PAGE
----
Flavored with lightly toasted pine nuts, raisins and candied or fresh orange peel, Maritozzi (Maritozzo, singular) are very soft yeasted buns, similar to a brioche. After baking, the buns are traditionally brushed with a sugar syrup and after cooling, are split almost all the way through and filled with ample amounts of sweetened whipped cream. I chose to dust my Maritozzi with powdered sugar as they were to travel with me to Kiawah Island.
The word maritozzi means “little husbands” and is often called sweet marriage breads. Legend has it that young girls looking for husbands used to cook these little breads and bring them to the town center to sell. Girls who sold the best looking and most flavorful buns were said to have their chances of marriage recommendations greatly improved. Source.
Original recipe for the Maritozzi comes from Food52 and was chosen by Aparna of My Diverse Kitchen for We Knead to Bake #28. I used my bread machine to make the dough, but if processing by hand or in a mixer, you can find the method and complete recipe on Aparna’s blog.
Makes 6-8 buns
Helpful Video on Making Maritozzi
1-1/2 teaspoons instant yeast
1/2 cup warm milk
1-3/4 cups all-purpose flour
1/4 cup sugar
1/4 (50 grams) unsalted butter, softened
Pinch of salt
1/8 cup raisins, or currants, soaked in 2-3 tablespoons unsweetened orange juice or warm water for 10 minutes
Zest of 1 orange or 1 tablespoon candied orange peel
1 tablespoon lightly toasted pine nuts
1/2 teaspoon pure vanilla extract
For the Glaze
3 tablespoons sugar
3 tablespoons water
Powdered sugar for dusting
For the Filling-(if using)
500 ml (2 cups) fresh cream, whipped to stiff peaks with a few teaspoons of powdered sugar. 2-3 tablespoons of cream per bun.
Bread Machine Technique
Place all ingredients in the bread machine pan in the order suggested by the manufacturer of your bread machine. Process on the dough cycle.Usually, there is a beep when adding ingredients like the pine nuts and raisins, or incorporate them in the dough after the finished cycle.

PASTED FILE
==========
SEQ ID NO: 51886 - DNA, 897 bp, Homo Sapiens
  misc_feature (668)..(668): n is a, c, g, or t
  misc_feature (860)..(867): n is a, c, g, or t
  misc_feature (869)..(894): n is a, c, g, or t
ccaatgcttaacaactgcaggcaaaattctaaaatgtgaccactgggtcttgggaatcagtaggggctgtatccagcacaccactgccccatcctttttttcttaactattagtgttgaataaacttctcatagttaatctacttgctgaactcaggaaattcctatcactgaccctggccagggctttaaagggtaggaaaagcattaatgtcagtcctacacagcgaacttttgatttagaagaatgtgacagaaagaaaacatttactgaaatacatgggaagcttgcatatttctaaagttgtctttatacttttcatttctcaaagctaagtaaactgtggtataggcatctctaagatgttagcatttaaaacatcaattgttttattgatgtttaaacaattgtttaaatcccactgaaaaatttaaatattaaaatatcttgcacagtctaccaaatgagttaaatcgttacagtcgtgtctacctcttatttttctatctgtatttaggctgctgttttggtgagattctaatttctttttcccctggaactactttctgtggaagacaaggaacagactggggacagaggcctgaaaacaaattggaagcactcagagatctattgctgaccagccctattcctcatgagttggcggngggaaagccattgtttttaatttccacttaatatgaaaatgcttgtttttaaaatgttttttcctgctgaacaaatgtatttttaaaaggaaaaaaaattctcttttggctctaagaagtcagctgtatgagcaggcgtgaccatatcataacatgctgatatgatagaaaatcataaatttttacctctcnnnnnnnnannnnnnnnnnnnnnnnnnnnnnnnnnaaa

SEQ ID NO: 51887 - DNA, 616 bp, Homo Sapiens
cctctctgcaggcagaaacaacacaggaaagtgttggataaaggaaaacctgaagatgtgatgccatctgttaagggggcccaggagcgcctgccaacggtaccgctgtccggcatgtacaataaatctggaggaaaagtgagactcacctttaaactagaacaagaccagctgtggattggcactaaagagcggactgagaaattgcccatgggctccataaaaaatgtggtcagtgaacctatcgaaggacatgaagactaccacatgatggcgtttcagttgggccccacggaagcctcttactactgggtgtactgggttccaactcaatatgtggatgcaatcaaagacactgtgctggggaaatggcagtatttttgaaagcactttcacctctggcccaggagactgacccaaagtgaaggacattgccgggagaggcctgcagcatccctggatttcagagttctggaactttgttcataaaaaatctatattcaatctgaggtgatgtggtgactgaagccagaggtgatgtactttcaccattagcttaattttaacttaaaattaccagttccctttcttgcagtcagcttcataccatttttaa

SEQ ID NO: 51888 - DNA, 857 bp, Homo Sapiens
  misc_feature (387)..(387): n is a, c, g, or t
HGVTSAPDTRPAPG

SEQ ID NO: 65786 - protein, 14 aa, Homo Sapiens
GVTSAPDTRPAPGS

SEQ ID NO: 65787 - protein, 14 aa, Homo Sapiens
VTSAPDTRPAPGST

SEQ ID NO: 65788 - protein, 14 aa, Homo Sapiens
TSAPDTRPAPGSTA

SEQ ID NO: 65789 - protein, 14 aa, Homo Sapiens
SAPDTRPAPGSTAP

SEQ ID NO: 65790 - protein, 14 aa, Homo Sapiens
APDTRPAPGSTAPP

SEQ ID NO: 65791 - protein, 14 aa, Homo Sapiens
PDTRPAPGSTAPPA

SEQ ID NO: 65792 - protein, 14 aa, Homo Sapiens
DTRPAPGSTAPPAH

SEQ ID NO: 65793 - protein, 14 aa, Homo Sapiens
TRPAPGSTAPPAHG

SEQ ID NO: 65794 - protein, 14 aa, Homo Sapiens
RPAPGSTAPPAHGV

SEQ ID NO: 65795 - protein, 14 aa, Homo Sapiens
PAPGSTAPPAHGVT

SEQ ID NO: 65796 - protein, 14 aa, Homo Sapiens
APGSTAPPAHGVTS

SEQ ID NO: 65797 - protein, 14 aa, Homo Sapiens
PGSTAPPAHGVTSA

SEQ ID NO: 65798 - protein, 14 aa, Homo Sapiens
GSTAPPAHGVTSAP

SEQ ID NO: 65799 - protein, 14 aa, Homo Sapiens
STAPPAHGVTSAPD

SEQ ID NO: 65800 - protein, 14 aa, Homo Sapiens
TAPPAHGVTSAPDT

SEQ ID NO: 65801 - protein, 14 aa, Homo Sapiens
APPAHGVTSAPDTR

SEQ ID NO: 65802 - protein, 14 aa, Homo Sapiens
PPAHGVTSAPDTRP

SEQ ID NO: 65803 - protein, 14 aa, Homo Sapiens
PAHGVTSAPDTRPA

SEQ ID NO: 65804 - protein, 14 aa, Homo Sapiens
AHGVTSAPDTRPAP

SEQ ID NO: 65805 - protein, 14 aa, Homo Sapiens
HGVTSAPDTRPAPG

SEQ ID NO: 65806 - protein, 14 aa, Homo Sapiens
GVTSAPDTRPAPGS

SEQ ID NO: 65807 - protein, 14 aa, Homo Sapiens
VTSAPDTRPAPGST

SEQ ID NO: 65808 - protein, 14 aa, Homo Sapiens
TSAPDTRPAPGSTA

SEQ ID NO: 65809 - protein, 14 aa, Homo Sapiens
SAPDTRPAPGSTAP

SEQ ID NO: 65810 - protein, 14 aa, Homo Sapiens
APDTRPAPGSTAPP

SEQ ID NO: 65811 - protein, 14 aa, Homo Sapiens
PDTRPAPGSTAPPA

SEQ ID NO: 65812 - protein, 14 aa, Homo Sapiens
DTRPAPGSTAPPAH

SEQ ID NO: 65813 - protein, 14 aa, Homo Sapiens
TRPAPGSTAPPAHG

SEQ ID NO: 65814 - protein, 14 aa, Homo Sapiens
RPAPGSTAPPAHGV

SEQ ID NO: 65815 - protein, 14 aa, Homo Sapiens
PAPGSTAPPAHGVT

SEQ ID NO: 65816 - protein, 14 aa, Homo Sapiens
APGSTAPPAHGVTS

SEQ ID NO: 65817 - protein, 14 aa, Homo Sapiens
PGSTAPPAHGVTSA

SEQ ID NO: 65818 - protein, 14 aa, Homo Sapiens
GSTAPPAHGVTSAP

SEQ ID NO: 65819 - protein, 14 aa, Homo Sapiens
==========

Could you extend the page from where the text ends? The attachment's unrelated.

When the dough cycle is complete, remove the dough to a lightly floured surface. Lightly knead to remove the air pockets. Divide the dough into 6 or 8 pieces, according to your preference. Roll each into a smooth ball and then flatten into a circle with your fingers. Roll up the circle jelly/swiss roll style and seal the seam. Shape into an oval and place on a parchment lined baking sheet leaving enough space between the rolls for them to rise.
Lightly cover and let them rise for about 30 minutes. Bake at 350°F (180C) for 15-20 minutes. Don’t over bake the buns or they will lose their softness.
If you are going to brush the buns with the sugar syrup, make it while the buns are baking. To do this, boil the sugar and water together in a small pan until the sugar dissolves. Brush the syrup of top of the HOT buns once you have taken them out of the oven.
Let the buns cool completely. Then slit them, using a sharp knife, making sure you don’t cut them all the way through. Open them up slightly and fill with the whipped cream, making the edges smooth with the flat side of a knife or spoon. Moisten your fingers with a little water and hold each Maritozzo carefully at its base, to avoid the sugar base sticking to your hands and pulling pieces of the brioche away.
Serve with a cup of hot coffee.
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